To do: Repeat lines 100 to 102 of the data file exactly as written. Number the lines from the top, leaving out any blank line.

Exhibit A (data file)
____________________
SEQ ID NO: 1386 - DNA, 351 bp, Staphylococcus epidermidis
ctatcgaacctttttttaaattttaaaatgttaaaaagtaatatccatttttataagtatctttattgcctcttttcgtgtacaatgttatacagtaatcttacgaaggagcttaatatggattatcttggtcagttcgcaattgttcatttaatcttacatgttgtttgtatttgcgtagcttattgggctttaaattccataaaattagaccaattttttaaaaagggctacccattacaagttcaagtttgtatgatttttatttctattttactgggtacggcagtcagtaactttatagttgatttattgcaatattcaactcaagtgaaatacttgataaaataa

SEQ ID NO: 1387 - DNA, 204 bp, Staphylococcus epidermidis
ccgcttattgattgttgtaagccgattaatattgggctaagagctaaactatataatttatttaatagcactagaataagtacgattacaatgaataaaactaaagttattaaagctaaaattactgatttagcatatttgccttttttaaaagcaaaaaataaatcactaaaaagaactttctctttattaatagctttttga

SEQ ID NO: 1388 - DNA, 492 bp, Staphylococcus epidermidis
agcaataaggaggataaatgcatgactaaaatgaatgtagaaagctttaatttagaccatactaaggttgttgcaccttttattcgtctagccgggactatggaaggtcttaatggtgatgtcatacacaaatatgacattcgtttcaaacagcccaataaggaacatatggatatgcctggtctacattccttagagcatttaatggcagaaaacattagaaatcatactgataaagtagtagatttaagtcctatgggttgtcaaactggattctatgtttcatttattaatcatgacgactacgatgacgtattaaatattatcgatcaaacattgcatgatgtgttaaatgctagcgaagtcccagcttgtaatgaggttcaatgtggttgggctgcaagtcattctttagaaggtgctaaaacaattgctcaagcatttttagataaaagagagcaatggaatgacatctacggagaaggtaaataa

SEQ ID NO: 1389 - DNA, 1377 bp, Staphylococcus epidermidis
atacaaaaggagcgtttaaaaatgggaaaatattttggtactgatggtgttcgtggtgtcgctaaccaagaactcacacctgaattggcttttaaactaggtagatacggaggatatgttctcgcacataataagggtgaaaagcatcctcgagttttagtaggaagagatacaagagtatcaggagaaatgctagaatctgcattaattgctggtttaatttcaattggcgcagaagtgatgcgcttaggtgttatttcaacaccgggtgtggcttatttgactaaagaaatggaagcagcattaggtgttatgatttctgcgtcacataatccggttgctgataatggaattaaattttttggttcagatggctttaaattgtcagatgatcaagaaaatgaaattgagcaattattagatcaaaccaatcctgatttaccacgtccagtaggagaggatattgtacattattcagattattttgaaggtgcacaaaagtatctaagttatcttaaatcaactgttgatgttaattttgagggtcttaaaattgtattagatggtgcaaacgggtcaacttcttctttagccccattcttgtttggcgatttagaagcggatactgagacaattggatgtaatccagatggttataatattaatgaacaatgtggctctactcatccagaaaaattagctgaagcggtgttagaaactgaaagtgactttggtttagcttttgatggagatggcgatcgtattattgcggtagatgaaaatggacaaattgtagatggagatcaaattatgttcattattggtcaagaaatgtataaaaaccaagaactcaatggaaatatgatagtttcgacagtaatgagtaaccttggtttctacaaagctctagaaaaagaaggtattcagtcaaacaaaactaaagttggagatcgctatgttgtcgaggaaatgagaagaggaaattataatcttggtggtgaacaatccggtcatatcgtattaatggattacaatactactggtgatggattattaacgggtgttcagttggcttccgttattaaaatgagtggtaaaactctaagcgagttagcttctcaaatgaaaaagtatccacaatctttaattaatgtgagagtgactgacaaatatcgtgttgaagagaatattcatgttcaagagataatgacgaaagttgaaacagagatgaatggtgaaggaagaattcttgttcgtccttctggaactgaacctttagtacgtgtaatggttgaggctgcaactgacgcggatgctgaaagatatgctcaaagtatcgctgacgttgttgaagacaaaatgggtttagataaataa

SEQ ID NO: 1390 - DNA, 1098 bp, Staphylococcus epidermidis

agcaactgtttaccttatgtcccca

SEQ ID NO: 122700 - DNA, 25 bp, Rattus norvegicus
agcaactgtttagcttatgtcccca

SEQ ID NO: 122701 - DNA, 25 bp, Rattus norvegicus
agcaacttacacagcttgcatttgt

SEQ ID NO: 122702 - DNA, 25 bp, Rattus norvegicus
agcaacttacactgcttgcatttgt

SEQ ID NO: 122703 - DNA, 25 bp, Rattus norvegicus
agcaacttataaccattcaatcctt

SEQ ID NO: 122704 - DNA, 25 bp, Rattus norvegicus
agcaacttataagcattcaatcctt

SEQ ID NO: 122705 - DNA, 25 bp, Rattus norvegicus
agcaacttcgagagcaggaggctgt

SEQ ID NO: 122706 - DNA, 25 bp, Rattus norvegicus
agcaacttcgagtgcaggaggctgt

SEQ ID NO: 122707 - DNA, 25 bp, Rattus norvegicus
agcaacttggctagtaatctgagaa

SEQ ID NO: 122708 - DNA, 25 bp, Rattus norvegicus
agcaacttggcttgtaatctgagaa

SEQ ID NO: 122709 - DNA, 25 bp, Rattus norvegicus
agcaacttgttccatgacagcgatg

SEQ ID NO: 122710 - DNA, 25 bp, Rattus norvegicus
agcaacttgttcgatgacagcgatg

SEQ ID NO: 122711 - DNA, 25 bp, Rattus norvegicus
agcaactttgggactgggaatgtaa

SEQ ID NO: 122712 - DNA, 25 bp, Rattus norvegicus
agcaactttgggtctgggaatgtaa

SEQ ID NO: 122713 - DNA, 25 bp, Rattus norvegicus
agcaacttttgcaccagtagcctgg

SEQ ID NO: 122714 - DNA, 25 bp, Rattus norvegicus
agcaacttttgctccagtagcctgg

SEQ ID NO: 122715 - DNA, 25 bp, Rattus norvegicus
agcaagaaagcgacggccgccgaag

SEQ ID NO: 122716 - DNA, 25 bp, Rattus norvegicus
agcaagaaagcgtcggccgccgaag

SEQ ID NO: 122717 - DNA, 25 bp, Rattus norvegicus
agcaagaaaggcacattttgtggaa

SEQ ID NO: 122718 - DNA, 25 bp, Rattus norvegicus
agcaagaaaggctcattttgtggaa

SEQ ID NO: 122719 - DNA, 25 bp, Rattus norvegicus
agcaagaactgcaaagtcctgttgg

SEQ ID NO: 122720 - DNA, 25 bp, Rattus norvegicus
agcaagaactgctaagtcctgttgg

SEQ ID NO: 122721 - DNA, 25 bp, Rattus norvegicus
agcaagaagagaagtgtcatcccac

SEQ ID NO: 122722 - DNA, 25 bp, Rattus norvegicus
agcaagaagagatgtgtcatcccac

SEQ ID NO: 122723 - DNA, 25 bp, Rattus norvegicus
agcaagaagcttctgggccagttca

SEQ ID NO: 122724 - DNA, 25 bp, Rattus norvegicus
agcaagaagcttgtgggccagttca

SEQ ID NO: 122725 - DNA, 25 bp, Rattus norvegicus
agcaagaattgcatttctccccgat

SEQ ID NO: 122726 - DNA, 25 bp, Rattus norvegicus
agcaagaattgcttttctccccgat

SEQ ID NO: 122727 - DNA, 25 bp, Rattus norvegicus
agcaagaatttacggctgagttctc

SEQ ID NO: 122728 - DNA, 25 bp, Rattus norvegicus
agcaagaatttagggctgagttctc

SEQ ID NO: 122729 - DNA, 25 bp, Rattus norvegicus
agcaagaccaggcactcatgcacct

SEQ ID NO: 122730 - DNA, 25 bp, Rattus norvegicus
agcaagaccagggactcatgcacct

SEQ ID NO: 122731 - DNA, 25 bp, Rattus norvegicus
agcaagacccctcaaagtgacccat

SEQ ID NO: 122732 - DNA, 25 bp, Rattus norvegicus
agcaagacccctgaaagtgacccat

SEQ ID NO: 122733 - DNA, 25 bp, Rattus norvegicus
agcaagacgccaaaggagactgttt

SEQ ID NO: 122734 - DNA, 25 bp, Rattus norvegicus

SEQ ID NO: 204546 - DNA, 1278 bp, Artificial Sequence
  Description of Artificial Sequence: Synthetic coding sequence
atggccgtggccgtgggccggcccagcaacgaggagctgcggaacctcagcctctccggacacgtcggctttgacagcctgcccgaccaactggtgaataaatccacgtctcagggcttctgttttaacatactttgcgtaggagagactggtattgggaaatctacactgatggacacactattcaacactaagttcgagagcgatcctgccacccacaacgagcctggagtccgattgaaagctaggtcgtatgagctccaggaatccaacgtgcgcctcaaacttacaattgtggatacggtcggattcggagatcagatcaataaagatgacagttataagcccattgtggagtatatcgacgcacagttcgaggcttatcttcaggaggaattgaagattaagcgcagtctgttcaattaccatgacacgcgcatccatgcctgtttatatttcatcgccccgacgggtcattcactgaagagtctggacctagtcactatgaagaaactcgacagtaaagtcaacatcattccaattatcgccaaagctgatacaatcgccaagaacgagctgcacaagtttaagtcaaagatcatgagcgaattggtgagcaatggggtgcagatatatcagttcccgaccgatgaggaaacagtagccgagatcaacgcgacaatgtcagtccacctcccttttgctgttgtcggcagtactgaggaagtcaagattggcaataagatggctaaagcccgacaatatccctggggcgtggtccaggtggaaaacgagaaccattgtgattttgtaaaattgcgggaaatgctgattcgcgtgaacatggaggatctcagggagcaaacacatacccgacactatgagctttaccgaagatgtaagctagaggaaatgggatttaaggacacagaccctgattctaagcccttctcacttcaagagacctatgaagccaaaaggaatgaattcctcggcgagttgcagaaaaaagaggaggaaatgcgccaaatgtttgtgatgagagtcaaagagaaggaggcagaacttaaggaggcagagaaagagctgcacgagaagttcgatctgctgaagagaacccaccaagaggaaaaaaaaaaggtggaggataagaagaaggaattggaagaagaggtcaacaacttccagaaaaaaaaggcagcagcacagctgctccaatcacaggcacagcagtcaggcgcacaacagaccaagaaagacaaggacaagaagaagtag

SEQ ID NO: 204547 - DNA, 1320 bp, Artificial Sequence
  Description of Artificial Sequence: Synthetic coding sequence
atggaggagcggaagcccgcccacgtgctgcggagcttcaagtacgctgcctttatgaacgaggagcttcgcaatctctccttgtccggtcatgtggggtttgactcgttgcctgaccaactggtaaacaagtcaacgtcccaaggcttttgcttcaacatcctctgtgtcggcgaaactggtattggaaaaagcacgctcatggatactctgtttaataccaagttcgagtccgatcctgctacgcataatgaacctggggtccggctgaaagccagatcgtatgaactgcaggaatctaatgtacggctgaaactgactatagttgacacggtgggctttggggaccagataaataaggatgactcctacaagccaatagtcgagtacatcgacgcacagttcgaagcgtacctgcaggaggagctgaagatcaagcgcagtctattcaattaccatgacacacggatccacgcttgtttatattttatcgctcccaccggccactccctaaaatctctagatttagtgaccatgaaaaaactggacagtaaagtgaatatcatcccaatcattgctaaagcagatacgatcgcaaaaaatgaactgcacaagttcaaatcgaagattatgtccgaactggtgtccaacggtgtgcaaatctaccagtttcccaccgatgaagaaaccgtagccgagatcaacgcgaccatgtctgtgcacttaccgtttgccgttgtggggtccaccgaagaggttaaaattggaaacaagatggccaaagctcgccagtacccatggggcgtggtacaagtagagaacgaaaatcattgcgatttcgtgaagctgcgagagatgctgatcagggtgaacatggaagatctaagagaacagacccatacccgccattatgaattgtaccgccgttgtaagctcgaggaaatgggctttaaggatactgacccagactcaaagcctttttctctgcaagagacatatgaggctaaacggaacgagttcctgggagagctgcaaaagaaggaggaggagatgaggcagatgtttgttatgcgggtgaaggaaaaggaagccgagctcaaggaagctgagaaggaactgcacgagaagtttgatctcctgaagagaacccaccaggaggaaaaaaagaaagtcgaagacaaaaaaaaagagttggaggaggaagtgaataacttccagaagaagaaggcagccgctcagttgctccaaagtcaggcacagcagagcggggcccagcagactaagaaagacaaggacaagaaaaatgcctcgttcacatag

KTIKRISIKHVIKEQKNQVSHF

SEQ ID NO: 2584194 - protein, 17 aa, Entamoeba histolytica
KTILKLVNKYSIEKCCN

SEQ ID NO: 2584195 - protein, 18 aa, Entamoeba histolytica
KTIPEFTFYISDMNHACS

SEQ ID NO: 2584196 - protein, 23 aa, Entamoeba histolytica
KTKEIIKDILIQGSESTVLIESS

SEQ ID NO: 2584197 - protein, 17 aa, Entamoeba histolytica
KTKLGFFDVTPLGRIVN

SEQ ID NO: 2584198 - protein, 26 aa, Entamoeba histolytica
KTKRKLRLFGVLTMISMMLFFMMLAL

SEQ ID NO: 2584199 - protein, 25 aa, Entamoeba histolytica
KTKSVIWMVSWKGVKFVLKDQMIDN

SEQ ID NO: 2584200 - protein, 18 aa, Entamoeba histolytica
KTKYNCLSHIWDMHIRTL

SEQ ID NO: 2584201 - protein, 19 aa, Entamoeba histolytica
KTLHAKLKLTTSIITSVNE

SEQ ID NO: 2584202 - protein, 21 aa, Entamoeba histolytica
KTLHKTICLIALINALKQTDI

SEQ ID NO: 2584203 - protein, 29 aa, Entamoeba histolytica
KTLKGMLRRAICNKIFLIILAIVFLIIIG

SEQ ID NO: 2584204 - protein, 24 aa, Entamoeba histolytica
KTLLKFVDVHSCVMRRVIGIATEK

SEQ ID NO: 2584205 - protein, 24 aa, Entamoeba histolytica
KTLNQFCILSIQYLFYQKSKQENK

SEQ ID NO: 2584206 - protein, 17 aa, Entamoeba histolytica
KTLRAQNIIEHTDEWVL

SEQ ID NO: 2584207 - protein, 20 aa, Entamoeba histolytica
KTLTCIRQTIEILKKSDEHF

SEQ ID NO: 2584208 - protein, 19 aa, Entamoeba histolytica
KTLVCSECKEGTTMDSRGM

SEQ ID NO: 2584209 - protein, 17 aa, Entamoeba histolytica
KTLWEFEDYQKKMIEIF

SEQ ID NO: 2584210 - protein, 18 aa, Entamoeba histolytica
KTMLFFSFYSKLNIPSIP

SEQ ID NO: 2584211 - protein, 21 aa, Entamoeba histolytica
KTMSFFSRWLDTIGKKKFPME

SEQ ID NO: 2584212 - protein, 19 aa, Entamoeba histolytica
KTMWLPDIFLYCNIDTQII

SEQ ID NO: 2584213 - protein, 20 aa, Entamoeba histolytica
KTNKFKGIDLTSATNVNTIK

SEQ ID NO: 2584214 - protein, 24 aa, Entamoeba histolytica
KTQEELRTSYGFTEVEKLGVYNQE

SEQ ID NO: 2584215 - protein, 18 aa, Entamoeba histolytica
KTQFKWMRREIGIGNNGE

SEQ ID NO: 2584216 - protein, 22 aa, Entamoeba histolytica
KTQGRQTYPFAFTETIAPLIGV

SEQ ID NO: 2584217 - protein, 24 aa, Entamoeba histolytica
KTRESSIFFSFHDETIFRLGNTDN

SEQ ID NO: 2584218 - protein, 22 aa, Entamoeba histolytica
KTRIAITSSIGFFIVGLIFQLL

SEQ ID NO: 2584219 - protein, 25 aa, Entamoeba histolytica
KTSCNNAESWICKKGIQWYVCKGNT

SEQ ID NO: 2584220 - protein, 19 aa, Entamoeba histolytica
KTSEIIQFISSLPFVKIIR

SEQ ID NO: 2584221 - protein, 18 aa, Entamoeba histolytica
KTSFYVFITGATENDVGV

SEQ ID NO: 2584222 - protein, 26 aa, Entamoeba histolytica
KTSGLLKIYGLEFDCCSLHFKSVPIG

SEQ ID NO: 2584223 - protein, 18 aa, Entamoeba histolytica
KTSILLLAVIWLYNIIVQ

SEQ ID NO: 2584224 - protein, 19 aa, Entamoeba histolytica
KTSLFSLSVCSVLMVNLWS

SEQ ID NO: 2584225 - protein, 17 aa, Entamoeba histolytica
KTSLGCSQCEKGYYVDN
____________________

KTKYNCLSHIWDMHIRTL

SEQ ID NO: 2584201 - protein, 19 aa, Entamoeba histolytica
KTLHAKLKLTTSIITSVNE